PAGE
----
It's 2018! We still can't upload our brains to fitter bodies, but there are tech-assists out there that can help us live fitter lives. I've picked out a few of the most promising for SiriusXM:
An awful lot of exercise equipment ends up being used as expensive, guilt inducing places to hang one's clothes. Why do we get exercise equipment, only to let it collect dust. Peloton sees equipment as only part of the equation for successful home exercise. For instance their excellent Bike ($1995) is designed to be supplemented with a subscription to their online classes. The bike will track your progress, but the real magic comes from the ability to join live sessions or participate in on-demand classes that feature a variety of exercise intensities shown on a 22" monitor built into the bike. In addition to the spin classes, there are also workouts that sync to filmed outdoor scenic routes, plus off-bike exercises as well.
Coming later this year, the Peloton Tread ($3995) will bring a similar experience for runners. Featuring an even larger 32" screen, the Tread brings motivation in the form of round-the-clock classes and on-demand video just like their bike. Just be aware that there is a monthly subscription fee in addition to the purchase price. Those videos may be available 24/7, but they won't do much for you unless you get on the treadmill and use them. It is available for pre-order now at onepeleton.com.
Maybe you already have an exercise bike. Did you know that Peloton also has a subscription based ($12.99 per month) app for iOS devices that gives you access to live workouts and on-demand classes.
UnderArmour HOVR Sonic Connected Running Shoes ($120) are really comfortable sneakers in their own right, but they have a bonus feature: an onboard chip records your run, even if you're not carrying your phone with you. They can sync up to a provided MapMyRun app when you get home if you don't want to carry the extra weight. If you do carry your phone, the chip-enabled running shoes can do even more, providing you with "spoken" guidance as your run and GPS mapping of where you've been. The program can help you find and maintain your best cadence and stride-length. The app works with Android and iOS, so there's no excuse not to get moving!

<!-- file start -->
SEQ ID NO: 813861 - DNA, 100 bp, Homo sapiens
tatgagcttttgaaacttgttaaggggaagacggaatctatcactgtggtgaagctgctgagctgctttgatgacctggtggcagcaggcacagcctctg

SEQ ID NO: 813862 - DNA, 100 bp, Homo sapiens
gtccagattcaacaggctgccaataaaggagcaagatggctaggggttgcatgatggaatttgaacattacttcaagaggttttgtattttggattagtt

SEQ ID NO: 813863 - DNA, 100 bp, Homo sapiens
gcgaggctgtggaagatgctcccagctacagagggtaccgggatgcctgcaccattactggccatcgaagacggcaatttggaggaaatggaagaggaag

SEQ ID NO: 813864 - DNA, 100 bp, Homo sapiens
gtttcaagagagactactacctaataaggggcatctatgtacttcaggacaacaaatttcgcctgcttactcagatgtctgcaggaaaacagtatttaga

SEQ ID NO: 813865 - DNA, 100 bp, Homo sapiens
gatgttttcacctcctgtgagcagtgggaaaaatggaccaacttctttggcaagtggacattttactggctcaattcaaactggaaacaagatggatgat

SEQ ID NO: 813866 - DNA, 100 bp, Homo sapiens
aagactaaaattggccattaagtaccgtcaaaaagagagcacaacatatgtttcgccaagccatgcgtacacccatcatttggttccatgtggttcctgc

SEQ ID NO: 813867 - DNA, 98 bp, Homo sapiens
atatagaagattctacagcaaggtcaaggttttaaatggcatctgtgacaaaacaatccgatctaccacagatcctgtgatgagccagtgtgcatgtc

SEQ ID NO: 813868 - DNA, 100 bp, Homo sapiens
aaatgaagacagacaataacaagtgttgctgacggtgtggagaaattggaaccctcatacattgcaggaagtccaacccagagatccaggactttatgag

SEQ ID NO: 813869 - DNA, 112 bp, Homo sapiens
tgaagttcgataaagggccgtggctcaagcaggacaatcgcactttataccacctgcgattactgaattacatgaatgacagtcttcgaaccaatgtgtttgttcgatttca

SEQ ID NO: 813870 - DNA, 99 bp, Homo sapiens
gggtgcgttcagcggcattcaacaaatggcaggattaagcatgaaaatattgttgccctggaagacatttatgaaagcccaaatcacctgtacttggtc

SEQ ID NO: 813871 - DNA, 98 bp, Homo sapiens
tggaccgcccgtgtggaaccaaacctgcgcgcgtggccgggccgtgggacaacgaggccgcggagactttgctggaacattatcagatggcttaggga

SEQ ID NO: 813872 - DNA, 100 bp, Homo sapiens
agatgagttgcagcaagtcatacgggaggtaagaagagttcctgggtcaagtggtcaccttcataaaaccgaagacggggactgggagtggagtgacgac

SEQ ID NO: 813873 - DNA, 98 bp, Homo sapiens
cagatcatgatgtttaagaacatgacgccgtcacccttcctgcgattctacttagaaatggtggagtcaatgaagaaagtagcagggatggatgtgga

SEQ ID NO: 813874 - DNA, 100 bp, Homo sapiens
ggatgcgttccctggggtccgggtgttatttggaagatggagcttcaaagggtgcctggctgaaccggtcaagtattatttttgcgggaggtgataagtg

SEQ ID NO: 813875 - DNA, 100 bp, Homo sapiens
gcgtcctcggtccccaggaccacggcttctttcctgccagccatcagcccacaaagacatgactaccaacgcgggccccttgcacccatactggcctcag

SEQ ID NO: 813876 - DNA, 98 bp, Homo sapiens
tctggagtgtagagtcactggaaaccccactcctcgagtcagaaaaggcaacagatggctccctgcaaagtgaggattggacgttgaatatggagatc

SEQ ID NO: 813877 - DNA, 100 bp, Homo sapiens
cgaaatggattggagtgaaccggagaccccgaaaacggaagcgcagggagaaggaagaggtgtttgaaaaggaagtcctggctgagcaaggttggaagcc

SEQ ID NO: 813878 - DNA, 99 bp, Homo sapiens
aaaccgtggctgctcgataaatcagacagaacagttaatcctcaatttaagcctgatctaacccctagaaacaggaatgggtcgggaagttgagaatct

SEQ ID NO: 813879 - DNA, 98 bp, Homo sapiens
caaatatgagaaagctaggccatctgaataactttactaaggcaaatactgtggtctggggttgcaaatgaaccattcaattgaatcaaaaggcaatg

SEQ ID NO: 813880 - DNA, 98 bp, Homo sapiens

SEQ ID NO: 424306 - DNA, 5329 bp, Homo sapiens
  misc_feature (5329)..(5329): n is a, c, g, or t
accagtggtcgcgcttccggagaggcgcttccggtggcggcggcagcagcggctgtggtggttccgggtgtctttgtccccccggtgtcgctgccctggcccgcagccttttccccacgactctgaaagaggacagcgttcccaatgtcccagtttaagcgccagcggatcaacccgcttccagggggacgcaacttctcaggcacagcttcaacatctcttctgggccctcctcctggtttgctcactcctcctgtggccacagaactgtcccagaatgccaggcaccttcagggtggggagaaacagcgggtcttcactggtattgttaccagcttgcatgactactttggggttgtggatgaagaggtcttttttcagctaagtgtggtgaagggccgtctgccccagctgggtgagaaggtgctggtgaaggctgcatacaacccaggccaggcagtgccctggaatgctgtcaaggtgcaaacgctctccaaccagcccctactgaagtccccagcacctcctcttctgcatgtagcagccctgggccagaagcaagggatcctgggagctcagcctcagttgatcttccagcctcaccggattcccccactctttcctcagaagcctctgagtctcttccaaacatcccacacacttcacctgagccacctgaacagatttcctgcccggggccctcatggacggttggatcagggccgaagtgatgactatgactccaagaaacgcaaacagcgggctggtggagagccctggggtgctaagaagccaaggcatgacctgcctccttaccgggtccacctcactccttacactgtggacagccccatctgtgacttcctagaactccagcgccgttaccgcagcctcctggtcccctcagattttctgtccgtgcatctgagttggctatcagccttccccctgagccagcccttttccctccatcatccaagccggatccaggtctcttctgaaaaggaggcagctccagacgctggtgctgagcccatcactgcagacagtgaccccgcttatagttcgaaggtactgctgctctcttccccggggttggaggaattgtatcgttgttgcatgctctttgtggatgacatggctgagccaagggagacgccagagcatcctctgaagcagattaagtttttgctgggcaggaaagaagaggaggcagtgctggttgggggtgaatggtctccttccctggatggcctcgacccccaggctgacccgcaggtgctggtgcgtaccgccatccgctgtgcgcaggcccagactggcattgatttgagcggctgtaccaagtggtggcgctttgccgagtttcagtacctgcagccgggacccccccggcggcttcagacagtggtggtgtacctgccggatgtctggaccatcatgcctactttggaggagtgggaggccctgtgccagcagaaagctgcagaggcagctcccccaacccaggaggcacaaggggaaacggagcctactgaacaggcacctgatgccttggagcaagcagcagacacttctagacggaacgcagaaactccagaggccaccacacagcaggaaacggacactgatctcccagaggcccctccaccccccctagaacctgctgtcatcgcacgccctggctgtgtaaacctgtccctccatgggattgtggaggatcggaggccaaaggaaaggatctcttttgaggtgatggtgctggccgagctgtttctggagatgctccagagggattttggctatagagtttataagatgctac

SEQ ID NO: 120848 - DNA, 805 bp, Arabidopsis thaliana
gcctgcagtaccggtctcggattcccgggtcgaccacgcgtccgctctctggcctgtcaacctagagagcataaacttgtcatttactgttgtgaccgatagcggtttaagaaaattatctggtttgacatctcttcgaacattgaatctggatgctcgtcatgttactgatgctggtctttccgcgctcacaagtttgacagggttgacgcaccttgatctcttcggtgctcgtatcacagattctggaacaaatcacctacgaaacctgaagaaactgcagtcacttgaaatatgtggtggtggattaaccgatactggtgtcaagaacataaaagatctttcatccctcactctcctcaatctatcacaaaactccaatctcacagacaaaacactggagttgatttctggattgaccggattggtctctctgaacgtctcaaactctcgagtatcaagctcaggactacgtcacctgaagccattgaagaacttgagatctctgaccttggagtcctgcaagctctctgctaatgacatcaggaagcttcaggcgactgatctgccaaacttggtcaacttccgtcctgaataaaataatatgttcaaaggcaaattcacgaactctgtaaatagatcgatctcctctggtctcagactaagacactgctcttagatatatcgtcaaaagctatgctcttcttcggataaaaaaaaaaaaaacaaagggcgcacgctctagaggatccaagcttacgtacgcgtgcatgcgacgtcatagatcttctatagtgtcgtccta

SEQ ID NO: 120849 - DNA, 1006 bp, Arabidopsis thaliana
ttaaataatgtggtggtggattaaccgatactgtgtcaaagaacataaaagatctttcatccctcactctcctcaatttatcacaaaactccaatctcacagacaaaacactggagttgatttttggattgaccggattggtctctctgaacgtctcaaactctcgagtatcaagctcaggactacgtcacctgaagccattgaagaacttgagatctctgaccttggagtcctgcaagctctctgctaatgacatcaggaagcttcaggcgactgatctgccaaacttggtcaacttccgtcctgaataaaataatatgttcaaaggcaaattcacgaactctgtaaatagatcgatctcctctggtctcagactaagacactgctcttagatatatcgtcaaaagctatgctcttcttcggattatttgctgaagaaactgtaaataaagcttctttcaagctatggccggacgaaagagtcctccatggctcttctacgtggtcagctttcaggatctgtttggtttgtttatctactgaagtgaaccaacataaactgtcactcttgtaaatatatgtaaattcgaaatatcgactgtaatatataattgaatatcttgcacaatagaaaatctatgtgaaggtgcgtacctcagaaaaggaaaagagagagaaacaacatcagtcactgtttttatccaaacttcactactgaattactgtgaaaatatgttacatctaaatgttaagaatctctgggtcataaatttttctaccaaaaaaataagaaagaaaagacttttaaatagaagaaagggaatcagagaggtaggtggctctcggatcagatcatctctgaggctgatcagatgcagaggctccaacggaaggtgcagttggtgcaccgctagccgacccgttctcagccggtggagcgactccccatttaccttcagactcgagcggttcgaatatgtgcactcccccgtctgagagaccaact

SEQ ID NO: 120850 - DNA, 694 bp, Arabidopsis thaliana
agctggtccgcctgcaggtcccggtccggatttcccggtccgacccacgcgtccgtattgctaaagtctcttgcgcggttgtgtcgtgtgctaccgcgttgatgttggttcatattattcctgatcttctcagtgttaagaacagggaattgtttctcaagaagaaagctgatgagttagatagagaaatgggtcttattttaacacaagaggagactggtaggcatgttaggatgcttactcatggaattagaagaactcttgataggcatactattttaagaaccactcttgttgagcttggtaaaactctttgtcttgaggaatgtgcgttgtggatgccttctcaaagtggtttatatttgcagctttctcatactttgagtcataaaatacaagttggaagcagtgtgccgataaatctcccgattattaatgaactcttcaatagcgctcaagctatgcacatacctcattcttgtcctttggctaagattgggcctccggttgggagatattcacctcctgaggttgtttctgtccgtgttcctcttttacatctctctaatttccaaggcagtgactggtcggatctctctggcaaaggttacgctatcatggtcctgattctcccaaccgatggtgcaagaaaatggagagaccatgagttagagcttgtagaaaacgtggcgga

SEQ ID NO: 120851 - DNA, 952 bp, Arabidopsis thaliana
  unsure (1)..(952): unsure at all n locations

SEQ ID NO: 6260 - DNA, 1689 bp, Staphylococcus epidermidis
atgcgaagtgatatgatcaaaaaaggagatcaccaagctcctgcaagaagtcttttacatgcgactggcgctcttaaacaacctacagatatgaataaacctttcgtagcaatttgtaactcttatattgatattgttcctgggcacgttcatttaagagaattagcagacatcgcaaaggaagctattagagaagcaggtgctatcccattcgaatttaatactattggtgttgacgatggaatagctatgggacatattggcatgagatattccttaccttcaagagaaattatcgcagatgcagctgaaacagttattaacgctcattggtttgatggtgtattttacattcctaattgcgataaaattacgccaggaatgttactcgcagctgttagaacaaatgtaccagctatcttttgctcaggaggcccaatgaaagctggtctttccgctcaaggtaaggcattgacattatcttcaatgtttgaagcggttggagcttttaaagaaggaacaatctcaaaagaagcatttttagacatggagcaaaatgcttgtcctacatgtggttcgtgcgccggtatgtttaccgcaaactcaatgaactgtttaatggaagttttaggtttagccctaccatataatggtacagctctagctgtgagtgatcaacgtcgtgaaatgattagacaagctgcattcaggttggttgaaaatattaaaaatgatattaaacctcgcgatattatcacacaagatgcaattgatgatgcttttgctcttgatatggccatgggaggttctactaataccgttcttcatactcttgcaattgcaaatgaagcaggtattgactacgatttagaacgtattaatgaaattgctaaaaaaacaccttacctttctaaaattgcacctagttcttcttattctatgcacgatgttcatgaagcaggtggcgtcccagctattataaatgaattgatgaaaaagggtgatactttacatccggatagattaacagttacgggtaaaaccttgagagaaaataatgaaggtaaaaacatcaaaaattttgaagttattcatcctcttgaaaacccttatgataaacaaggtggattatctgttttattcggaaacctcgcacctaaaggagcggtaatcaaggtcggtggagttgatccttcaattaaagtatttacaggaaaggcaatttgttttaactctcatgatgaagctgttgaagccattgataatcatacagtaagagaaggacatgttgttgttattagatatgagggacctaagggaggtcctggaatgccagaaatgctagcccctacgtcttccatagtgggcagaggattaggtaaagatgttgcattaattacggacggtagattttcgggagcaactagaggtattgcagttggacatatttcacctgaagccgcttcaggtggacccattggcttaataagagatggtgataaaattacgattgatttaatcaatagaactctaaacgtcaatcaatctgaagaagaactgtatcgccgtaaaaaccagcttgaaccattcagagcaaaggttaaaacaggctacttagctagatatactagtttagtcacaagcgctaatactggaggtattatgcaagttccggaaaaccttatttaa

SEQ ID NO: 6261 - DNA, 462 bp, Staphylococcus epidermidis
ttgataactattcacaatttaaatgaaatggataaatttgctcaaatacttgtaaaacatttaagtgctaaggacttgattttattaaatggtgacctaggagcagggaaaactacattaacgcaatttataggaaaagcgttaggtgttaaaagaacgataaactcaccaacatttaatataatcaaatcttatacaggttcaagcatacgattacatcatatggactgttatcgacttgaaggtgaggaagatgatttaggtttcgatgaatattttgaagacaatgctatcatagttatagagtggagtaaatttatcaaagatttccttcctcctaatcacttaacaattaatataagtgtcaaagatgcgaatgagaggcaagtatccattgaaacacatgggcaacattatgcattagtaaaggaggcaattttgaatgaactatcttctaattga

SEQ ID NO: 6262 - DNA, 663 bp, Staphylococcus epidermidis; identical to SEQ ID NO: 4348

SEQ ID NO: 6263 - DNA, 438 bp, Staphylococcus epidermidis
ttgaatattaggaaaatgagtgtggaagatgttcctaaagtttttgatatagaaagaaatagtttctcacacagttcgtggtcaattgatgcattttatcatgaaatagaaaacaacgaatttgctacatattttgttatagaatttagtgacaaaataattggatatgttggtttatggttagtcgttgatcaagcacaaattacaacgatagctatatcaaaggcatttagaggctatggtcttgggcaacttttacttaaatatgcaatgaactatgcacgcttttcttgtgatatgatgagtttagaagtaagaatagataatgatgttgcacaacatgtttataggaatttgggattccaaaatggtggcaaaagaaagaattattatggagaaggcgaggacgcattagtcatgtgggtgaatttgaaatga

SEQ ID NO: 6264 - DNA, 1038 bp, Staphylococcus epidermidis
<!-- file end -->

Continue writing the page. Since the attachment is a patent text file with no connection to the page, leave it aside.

Swim.com is an app that works best with one of the many supported smartwatches, though it can also manually record your sessions on a smartphone. However, when synced with the right device it can track your workout time, length of your swim, stroke count, rate, laps, and much more. Coming later this year, Swim.com will also support the Spire Swim Wearable is a sensor that will fit inside your bathing suit that will record your swimming sessions via the Swim.com app. According to the manufacturer the on-board battery will outlast the life of your swimsuit and has the advantage that you don't have to press any buttons or switch it on: Just put on the suit and start to swim and it will track your data. At press time we don't know how much it will cost or what Swim.com functions will be supported.
Jabra Elite Sport True Wireless Waterproof Fitness & Running Earbuds with Heart Rate and Activity Tracker ($199) These sports earbuds do more than just play music. Sensors track your heart rate, cadence, caloric burn, speed, and more. The new version claims better than four hour battery life on a single charge. Speaking of charging, they come with their own case that doubles as a charger.